Five Questions For… Joel Drucker

Joel Drucker

Oakland resident Joel Drucker is one of the world’s leading tennis writers. His work spans the worlds of professional and recreational tennis – history, news, player profiles, psychology, instruction, travel, humor and participatory experiences. In the broadcast realm, Drucker has worked with Tennis Channel since the network first started to air in 2003, first as co-producer of the interview show “Center Court with Chris Myers” and currently as story editor-writer for the network’s coverage of the four Grand Slam events. He also works on a variety of Tennis Channel programs, including ongoing tournaments, special promotions and historic documentaries. In addition to Tennis Channel, Drucker has worked for the likes of HBO, CBS and TNT.  

In August 2016, Drucker was named a historian-at-large by the International Tennis Hall of Fame.  He is also the author of two books, “Jimmy Connors Saved My Life” (2004), and, in February 2017, “Don’t Bet on It,” a portrait of his 28-year romance with his late wife, Joan Edwards.

1. What was your path to becoming a tennis writer?

It was in some ways an accident and in others meant to be. From age 12 to 17, growing up in Southern California, I played tennis at least 330 days a year for five or six years. But I wasn’t that accomplished a player and didn’t think seriously about college tennis. So in college, I became a very devoted student – and I mean very. My plan as a student at UC Berkeley was to take part in a summer program called “Cal in the Capital” – interning in DC. But I kept putting this off, spending summers teaching tennis. But I was all set to do this the summer after graduating. In my last quarter of college, though, I had a chance to write for a local tennis magazine, Inside Tennis, which in turn led to a job offer – a paying job, not just a volunteer internship. And though that job only lasted a short time, I saw then how indeed tennis was the world I was meant to occupy. And yet, still, from ages 23 to 33 I worked in the public relations agency world – nothing to do with tennis. Except that I would freelance a little bit during those years for a few local magazines, keeping a pinky toe in tennis. By the time I was 33, though, I started freelancing and started pursuing many tennis assignments.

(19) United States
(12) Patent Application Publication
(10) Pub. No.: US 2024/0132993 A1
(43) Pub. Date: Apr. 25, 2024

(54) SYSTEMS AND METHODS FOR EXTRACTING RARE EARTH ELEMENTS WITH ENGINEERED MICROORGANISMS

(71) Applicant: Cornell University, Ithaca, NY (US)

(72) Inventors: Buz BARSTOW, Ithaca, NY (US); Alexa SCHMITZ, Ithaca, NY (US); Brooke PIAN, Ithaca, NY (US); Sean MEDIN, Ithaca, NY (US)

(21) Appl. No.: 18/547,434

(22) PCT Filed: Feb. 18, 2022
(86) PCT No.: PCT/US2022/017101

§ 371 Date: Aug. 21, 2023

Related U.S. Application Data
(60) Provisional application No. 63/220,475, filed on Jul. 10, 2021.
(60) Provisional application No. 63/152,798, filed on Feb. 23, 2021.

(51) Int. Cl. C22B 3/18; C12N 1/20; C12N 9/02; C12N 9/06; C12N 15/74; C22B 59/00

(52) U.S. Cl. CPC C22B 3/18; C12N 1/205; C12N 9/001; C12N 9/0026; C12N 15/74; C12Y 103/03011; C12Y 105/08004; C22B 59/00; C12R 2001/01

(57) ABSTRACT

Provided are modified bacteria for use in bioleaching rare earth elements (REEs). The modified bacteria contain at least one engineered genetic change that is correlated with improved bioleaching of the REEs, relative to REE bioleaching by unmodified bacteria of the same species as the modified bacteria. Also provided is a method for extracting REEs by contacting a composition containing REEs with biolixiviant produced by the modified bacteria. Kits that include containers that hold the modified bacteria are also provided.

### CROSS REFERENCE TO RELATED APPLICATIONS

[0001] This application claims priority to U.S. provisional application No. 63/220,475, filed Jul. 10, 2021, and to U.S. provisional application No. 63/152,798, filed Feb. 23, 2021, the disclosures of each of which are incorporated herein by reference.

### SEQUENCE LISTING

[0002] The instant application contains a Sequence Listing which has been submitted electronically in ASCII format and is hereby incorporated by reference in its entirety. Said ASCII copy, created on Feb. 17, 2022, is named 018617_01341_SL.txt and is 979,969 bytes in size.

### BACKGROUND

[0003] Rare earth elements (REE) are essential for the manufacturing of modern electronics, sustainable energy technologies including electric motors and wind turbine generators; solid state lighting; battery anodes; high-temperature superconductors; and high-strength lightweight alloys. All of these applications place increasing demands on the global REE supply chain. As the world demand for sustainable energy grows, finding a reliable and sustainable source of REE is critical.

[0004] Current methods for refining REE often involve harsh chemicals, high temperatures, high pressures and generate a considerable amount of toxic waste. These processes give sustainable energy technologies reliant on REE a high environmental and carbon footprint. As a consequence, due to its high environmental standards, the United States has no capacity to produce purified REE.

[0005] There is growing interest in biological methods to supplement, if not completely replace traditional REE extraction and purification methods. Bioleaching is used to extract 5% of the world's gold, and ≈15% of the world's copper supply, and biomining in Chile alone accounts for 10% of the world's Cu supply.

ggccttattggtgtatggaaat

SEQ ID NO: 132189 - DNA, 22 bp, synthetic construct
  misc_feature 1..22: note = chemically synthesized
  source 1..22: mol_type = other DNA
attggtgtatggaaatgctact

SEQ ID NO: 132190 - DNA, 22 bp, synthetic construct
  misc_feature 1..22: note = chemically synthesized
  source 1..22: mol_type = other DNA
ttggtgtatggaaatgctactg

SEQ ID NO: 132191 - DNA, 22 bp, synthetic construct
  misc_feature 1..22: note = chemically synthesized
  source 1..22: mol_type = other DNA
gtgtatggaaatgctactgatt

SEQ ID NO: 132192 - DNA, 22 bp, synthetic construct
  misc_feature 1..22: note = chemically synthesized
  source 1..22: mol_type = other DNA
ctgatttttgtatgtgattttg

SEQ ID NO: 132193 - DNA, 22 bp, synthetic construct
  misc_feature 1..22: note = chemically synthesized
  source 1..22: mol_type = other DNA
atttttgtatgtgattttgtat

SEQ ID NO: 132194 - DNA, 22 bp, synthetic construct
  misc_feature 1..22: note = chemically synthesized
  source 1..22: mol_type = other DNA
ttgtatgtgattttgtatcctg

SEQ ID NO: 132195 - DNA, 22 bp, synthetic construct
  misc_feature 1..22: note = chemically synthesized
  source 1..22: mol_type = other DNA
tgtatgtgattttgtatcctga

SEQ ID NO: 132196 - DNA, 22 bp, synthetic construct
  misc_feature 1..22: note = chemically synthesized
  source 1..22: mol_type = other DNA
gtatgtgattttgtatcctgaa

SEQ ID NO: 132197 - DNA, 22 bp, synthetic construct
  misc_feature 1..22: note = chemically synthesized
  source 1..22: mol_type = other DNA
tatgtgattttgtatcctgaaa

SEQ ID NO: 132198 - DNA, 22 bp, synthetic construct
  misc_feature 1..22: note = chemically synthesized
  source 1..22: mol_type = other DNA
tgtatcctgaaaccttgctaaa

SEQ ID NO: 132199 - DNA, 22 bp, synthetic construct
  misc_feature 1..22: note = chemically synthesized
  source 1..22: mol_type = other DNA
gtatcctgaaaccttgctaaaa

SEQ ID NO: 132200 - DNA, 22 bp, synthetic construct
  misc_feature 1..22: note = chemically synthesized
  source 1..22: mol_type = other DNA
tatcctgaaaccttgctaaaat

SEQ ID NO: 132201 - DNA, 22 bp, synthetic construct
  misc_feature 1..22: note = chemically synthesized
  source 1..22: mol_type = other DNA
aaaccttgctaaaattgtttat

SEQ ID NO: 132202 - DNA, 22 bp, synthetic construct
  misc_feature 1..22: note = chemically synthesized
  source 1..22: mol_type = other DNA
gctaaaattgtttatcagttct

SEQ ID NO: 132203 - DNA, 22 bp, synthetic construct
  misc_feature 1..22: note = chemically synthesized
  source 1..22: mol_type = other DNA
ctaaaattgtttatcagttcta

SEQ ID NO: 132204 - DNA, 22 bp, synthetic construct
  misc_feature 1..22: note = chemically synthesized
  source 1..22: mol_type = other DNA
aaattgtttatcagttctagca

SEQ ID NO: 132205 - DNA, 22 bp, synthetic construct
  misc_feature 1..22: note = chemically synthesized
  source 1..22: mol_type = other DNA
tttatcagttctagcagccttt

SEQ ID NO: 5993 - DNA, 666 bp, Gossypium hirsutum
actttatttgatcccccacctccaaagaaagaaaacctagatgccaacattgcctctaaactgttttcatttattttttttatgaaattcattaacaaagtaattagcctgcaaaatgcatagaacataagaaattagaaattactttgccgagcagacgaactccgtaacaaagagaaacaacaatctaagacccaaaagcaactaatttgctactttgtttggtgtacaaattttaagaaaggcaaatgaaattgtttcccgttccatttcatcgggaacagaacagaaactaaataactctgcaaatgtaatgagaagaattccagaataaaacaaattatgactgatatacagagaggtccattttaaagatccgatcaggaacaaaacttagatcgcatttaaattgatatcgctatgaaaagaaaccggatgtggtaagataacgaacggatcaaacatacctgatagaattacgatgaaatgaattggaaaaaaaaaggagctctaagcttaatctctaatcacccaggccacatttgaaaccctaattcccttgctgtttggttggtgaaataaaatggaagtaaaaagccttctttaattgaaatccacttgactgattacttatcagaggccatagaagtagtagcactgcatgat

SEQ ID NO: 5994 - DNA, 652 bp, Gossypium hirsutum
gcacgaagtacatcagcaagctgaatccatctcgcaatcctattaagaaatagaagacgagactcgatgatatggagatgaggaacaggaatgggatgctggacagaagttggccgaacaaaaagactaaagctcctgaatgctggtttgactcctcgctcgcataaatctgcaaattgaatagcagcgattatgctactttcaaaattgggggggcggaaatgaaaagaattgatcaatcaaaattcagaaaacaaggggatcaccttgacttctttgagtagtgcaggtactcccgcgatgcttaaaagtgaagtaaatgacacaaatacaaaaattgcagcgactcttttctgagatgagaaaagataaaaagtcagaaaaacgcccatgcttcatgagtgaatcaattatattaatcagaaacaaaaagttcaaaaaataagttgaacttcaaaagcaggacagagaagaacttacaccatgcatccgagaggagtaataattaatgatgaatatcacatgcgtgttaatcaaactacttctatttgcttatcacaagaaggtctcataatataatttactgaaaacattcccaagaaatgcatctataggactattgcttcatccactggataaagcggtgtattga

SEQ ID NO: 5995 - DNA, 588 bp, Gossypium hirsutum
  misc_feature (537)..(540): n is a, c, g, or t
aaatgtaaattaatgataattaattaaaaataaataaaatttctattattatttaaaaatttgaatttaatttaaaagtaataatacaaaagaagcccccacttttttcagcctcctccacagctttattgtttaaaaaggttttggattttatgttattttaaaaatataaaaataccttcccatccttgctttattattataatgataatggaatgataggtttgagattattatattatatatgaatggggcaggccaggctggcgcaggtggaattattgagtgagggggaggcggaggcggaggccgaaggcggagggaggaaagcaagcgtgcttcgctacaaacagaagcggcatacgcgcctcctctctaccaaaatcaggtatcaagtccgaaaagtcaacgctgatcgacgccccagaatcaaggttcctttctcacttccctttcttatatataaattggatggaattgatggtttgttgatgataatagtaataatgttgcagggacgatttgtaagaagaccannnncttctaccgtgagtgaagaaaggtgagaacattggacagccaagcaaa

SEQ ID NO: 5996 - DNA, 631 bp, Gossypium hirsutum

2. You’ve described yourself as “a reasonable recreational player.” How often and where do you like to play?

Mostly I play at an historic club – the Berkeley Tennis Club.  When I’m not traveling, I’ll play four to five times a week. 

3. Your bio says you were “berated by John McEnroe.” What happened?

In 1995, there was a senior tour event at Pebble Beach. I got to play in the Pro-Am with McEnroe (along with several other partners who rotated in and out with him). We reached the stage where I got to serve for the title versus Jimmy Connors. I asked McEnroe what to do. He said, “Serve it to his forehand and get to the net.”  I did.  Of course my serve hardly troubled Connors, who hit a reasonable return. I was late on the volley and hit it long. Said McEnroe, “that’s the worst volley I’ve ever seen.” Fortunately, I got to serve the next point to a much weaker player. We won that point.   

4. One of your books is “Jimmy Connors Saved My Life” (2004). How exactly?

How exactly? You’d have to read the book for that answer. In short, I’ll tell you that Jimmy Connors’ entire vision of how to pursue success played a major role in shaping my sensibility.  From Connors I learned that to do great things you need to throw your heart into it and hit for the lines. As an example, as a college student, I used to wear wristbands to finals, as I was about to play a big match at the US Open. Wasn’t I?  And in time, a paper I wrote about Connors that last quarter of college helped fuel the book that was published 22 years later. But much more from Jimbo, too.   

5. As a tennis historian, what can you tell us about public tennis in SF and the Bay Area?

Public tennis has a rich tradition in SF and the Bay Area. Places like Golden Gate Park and many others were the major spawning grounds for creating tennis communities. Great players, competition, engagement – a fantastic way to enjoy the sport.